By Aimee Castor, DVM
City Cat Mobile Vet Service

    Idiopathic cystitis is a noninfectious inflammatory disease of the bladder.  It is the most common diagnosis in cats with signs of lower urinary tract disease (60 to 70% of cases).  Bladder stones account for 10 to 20% of cases, and anatomic defects and behavior abnormalities account for about 10% of cases.  Diagnosis of urinary tract cancer and urinary tract infection is very uncommon (<1%).  The exact cause of idiopathic cystitis is unknown.  It is thought by some to be brought on by stress.  The symptoms, which may include urinating in the house, frequent urination, straining to urinate, and blood in the urine, usually subside in 3 to 10 days without treatment but reccurrence is common.


    Recommendations for treatment include changes in diet, an increase in water intake, optimal litter box management, cleaning of soiled areas, an understanding of normal cat behaviors and activities, stress reduction, and environmental enrichment.

Diet and Feeding

    Your cat’s diet should be changed to a high quality canned food to facilitate increased moisture intake.  Change the diet gradually and use a natural canned food without chemical preservatives.  The feeding location is important.  Keep the food and litter box in separate locations because many cats do not like to eliminate and eat in the same area.  Also, food should be placed in a quiet place where the cat will not be startled with sudden noises. 
    Additional recommendations to increase water intake include: filling the water bowl to the top frequently during the day, wet foods (such as water-packed tuna or low-salt clam juice), cubes of prepared frozen meat or fish broth added to the drinking water giving it a more desirable flavor, and water fountains created for pets that encourage drinking.  Some cats drink more when given distilled water, especially if living in areas with heavy water or a heavily chlorinated water supply.

The Litter box

    Make the litter box as inviting as possible.  Provide adequate numbers of regularly cleaned litter boxes containing unscented litter, in quiet, accessible sites.  Some cats have preferences for certain litter types.  Cleaning urine-soiled areas is essential to avoiding future urination in the same area.  See for further information.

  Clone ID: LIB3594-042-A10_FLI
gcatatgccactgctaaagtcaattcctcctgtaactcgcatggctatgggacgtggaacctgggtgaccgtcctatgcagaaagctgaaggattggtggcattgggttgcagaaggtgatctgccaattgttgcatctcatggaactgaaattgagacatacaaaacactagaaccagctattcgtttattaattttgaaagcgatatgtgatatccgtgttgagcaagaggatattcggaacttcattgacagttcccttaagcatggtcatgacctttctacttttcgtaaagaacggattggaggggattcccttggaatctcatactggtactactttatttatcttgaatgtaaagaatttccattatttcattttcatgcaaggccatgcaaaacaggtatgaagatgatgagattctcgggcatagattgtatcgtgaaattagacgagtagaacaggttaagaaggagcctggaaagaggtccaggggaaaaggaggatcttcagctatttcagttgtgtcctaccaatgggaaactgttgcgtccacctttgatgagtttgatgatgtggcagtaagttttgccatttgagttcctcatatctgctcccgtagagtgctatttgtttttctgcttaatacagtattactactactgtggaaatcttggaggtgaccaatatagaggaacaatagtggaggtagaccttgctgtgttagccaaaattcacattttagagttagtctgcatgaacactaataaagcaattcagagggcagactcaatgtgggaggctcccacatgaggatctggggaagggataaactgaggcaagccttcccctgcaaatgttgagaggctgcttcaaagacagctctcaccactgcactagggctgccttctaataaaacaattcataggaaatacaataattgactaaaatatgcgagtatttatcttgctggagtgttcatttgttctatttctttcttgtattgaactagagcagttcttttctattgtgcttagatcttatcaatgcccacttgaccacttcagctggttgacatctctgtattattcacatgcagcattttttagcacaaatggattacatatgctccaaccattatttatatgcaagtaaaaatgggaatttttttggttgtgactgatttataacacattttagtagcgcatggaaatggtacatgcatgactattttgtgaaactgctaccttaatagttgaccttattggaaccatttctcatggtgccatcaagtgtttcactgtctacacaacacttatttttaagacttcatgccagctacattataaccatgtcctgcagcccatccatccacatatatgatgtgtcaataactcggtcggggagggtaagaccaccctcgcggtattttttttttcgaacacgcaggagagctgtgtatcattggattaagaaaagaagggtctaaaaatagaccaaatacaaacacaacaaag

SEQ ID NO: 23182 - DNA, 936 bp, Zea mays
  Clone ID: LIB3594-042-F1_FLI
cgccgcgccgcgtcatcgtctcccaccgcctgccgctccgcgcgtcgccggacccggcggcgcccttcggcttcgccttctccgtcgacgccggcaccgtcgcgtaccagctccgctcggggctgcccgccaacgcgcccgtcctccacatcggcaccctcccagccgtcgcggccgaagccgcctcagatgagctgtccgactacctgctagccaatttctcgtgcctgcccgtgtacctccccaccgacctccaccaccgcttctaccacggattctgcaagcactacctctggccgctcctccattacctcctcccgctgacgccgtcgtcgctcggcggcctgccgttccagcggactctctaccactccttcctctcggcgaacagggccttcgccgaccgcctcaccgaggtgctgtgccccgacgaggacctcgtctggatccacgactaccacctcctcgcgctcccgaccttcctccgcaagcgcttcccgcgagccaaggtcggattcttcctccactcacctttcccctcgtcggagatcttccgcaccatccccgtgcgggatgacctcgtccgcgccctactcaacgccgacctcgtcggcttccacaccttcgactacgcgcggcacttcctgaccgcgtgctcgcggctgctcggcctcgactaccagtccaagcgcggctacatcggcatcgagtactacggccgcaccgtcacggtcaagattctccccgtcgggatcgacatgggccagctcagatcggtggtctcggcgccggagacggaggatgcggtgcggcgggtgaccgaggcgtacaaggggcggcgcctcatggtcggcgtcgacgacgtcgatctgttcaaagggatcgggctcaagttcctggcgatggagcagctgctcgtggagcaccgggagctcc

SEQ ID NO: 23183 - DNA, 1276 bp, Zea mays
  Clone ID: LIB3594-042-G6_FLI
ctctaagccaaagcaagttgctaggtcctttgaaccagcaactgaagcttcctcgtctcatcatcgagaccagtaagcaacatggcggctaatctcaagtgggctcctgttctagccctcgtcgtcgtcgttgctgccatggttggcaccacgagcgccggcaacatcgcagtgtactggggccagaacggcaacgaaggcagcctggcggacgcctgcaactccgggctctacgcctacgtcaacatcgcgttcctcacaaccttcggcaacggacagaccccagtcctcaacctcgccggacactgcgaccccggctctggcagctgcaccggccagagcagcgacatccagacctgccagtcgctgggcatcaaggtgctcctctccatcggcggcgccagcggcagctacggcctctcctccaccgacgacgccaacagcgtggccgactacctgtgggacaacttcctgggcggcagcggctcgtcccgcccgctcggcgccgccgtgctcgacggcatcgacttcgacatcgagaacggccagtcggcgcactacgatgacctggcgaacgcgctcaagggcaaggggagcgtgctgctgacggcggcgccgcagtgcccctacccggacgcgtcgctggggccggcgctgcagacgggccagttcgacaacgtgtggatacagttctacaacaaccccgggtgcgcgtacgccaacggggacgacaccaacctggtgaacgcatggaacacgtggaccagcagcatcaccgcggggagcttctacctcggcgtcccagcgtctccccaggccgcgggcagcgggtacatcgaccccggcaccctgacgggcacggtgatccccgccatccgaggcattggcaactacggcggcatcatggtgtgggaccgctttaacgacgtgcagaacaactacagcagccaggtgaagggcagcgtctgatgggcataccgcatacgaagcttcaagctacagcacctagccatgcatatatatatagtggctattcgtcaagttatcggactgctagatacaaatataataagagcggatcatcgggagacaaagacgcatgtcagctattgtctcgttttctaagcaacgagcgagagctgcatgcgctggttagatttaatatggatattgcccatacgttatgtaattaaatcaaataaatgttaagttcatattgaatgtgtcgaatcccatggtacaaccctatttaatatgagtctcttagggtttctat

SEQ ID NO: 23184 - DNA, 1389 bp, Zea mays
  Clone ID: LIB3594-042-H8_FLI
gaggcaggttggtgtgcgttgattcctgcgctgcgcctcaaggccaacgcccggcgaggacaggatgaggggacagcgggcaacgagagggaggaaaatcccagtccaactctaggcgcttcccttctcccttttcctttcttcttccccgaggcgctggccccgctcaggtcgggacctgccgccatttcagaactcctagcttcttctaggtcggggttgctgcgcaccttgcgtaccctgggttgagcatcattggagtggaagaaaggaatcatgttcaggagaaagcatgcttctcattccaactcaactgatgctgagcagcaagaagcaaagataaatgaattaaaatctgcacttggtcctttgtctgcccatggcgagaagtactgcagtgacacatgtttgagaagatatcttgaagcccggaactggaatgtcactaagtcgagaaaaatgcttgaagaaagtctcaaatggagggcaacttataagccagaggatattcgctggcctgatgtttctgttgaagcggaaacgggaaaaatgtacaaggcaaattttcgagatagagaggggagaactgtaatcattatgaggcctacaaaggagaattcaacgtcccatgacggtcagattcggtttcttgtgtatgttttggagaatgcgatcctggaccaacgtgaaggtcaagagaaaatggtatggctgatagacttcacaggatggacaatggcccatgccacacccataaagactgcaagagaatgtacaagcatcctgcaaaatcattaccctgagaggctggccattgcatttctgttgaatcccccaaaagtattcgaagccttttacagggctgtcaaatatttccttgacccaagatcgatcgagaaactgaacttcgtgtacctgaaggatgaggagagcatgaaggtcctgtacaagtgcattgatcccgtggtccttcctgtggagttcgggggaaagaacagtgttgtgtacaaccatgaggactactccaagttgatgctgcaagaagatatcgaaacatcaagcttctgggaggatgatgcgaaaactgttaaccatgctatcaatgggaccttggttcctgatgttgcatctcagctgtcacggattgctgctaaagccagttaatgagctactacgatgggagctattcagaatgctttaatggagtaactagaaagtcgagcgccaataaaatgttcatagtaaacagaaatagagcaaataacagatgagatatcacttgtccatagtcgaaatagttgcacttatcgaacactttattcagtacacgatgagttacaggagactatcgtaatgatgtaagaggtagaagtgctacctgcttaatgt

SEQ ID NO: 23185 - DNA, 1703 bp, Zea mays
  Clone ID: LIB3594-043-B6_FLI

Some cats with lower urinary tract signs appear to be sensitive to a variety of environmental stimuli (“stressors”).  The stress of indoor confinement may be important in the perpetuation of idiopathic cystitis.  Potential sources of stress include the physical environment, other animals, owners, changes in the living environment, the owner’s work schedule, and additions or subtractions from the household population of humans or animals.  Many cats with cystitis seem to be more reactive than usual and therefore providing separate secluded food, water, and litter boxes for patients in multi-cat households is recommended.
Environmental enrichment” refers to the enhancement made for cats living indoors and includes providing places for the cat to hide, giving him/her opportunities to express natural predatory behaviors via climbing posts, toys, etc., and more quality time between the cat and owner.  Ultimately, access to the outdoors may be needed for some cats for complete resolution of the cystitis.

Additional resources:

Drinkwell Pet Fountain website:

Information about enriching the environment for indoor cats:

“From the Cat’s Point of View” by Gwen Bohnenkamp; an excellent booklet to understand normal cat behaviors and optimal litter box management.  More information is available at

“Felinestein: Pampering the Genius in Your Cat” authored by: Suzanne Delzio and Cindy Ribarich is another resource providing ideas for greater owner interaction with their cats.